Knight sat down with Arsenio and addressed his pet peeves with record labels, contracts and the business side of the music industry.
*Though the title of this article readily explains what it is about, I would like to open it with a personal experience… personal to the point that the subject of this opening paragraph is my cousin, but not just any cousin.
He is, otherwise, a Hollywood actor who has appeared as a major guest star for hour-long dramatic television series, made numerous guest appearances on comedy sitcoms, has appeared in major blockbuster films, and the list goes on and on and on. He is also a formidable stage actor.
And if you are an avid television viewer or a major film buff, I cannot only assure you, but I can GUARANTEE that you have seen him, as he was a prominent celluloid fixture from the mid-1980s to the early 2000s. In short, the video screen couldn’t get enough of him and his presence. There…there’s the opening set-up.
*Want to start a new Music company where you will have a worldwide presence and brand established in 12-18 months?
Do you want Major label distribution? Independent distribution?
Do you want access to the most “powerful people in the Recording industry as it applies to radio promotion, marketing, public relations, legal representation, music production and writing, Internet marketing and strategic planning?
Are you a “Millionaire?”
If you answered “Yes” to all of the questions listed above, you might want to speak with the executives at “Inner Connected Services”
Inner Connected Services is the new “Rolls Royce of Hip Hop/R&B Music marketing, establishing new Music companies in the extremely competitive Music industry.
The firm is “extremely selective” as it applies to perspective clients and rejects 95% of all the people who inquire about their services.
The company has strict “financial requirements” that have to be met before the representatives talk to a new label owner for potential label development.
Simply put, ” If the label does not have at least “One Million Dollars” to enter the market…Do not contact Inner Connected Services”. Its just not the place for you!
The company and its executive directors have established new music companies featuring Rap/R&B Music artists at Warner Bros. Records, RCA Records, Motown Records, Geffen Records, Capitol Records, Universal Records, Sony Records, Island Records and ADA Distribution.
With an incredible string of “hit artists and producers” who have sold over “24 Million records worldwide dating back to 1997″ who were either launched or Managed by the executives at Inner Connected Services such as “DJ BATTLECAT” and “DJ QUIK”, its quite clear why the firm has such high standards when it comes to the product they push.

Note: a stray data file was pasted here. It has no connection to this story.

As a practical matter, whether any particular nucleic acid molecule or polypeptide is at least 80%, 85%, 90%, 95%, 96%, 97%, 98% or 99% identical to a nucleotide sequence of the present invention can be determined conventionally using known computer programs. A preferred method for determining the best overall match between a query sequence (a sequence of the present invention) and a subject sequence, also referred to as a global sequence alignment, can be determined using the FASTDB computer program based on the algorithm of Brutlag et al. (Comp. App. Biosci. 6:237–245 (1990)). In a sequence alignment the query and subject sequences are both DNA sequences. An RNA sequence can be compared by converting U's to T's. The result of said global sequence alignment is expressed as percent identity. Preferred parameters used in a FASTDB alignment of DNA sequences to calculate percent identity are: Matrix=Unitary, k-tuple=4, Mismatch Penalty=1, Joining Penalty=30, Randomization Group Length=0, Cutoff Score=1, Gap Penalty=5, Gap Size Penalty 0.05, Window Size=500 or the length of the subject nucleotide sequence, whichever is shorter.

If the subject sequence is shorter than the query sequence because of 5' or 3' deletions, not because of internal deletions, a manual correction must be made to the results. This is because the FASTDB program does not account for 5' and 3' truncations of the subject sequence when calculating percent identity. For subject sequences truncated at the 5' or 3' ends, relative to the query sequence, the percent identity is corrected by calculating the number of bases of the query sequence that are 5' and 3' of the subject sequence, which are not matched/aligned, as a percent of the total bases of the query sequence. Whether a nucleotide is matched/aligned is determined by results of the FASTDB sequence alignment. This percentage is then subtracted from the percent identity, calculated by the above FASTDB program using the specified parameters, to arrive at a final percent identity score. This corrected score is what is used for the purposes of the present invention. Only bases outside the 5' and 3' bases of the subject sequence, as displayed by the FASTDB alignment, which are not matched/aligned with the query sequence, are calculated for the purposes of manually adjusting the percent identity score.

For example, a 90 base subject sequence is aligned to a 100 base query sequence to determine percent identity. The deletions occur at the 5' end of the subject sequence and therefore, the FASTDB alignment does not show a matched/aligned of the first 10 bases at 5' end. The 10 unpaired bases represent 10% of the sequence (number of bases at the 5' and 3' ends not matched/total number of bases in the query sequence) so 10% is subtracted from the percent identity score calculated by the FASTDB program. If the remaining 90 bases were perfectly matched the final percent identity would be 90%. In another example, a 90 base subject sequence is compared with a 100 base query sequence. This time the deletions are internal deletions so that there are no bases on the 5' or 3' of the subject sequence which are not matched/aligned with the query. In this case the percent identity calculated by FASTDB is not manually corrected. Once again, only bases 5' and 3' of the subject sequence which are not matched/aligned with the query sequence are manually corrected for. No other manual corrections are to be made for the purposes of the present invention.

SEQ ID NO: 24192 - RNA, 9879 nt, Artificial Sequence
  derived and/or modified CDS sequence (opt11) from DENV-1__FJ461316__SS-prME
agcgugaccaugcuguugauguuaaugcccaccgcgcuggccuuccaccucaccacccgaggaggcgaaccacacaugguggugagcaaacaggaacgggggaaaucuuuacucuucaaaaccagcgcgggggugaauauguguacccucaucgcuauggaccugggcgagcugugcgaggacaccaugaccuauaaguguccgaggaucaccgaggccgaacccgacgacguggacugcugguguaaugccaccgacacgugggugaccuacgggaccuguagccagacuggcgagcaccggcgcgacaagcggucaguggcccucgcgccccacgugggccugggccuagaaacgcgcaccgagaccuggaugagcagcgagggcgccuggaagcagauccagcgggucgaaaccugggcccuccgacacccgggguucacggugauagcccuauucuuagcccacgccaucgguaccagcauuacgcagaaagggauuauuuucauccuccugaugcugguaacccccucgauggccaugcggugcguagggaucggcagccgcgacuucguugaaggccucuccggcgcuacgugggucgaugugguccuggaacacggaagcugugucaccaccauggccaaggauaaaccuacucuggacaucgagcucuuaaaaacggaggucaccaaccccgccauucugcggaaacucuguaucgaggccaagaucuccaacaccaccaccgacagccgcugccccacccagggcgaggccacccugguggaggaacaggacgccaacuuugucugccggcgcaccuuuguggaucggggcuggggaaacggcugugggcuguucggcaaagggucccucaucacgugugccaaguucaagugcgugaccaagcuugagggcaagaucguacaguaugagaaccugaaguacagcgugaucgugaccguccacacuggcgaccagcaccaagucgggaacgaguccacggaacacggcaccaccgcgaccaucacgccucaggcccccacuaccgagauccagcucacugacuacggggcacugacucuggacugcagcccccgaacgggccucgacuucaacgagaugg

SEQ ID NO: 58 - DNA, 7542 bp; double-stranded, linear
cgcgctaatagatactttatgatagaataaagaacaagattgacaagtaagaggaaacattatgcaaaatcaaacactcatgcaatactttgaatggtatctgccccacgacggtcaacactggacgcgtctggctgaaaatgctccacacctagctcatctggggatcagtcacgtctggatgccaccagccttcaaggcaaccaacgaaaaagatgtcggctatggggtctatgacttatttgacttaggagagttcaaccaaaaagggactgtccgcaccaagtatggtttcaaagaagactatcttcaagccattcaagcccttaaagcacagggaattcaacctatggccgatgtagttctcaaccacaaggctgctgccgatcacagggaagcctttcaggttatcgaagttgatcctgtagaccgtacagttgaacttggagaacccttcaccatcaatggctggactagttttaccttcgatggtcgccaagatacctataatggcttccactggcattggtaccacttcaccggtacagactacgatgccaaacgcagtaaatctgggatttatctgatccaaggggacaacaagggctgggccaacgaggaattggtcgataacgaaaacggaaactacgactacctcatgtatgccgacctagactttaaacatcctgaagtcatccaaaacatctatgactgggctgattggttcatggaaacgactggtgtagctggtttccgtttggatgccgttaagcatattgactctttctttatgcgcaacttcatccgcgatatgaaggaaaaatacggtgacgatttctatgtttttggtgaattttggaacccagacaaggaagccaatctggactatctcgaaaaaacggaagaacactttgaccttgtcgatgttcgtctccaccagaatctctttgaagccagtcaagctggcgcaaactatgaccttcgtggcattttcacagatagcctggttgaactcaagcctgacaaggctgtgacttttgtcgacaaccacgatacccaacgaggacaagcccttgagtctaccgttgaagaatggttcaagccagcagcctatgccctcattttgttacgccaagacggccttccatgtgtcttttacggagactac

Inner Connected Services Co-Presidents Stan Sheppard and William E. Lewis Esq. readily explain to perspective clients that the entrance into the “major league version of the Recording industry” takes a great deal of money if you plan on making a big impact within the first 12-18 months, so if your money is limited and you are trying to cut corners with sound quality and promotion and marketing strategies right out of the gate…find a new business to put your funds in because this game is not for you!
Columbia Records/Sony Music V.P. of Urban Music Promotion, Cynthia Johnson, who has worked with Stan Sheppard states “Having worked with Stan Sheppard directly I have always been impressed with his passion for music and support for our community. I have known Stan for over 25 years and he never fails to impress me with his innovation and creativity. Stan is one of the top music men in our industry with a complete skill set to recognize true innovation, signing talent with a vision and having the knowledge and ability to bring home a hit record”
Echoing the sentiments of Sony Music V.P. Cynthia Johnson concerning the launching of the new entity is SESAC, Inc. V.P. of Writer/Publisher Relations, Mr. James R. Leach, Jr. who states ” Stan Sheppard has a most impressive ear and keeps it close to where the music is happening. This, coupled with his extraordinary business acumen from records to publishing, has allowed Stan to maintain a strong presence in today’s rapidly changing business. I know that when music comes from Stan’s office that its something I need to hear”
Co-president, William E. Lewis Esq, states that Inner Connected Services will interview and select a total of “3 companies” that the firm will assist in 2014 and all “serious investors/company owners” should contact the firms offices via email.
To reach “Inner Connected Services” email: Ms. Marlena Jeter, General Manager at email address: firstname.lastname@example.org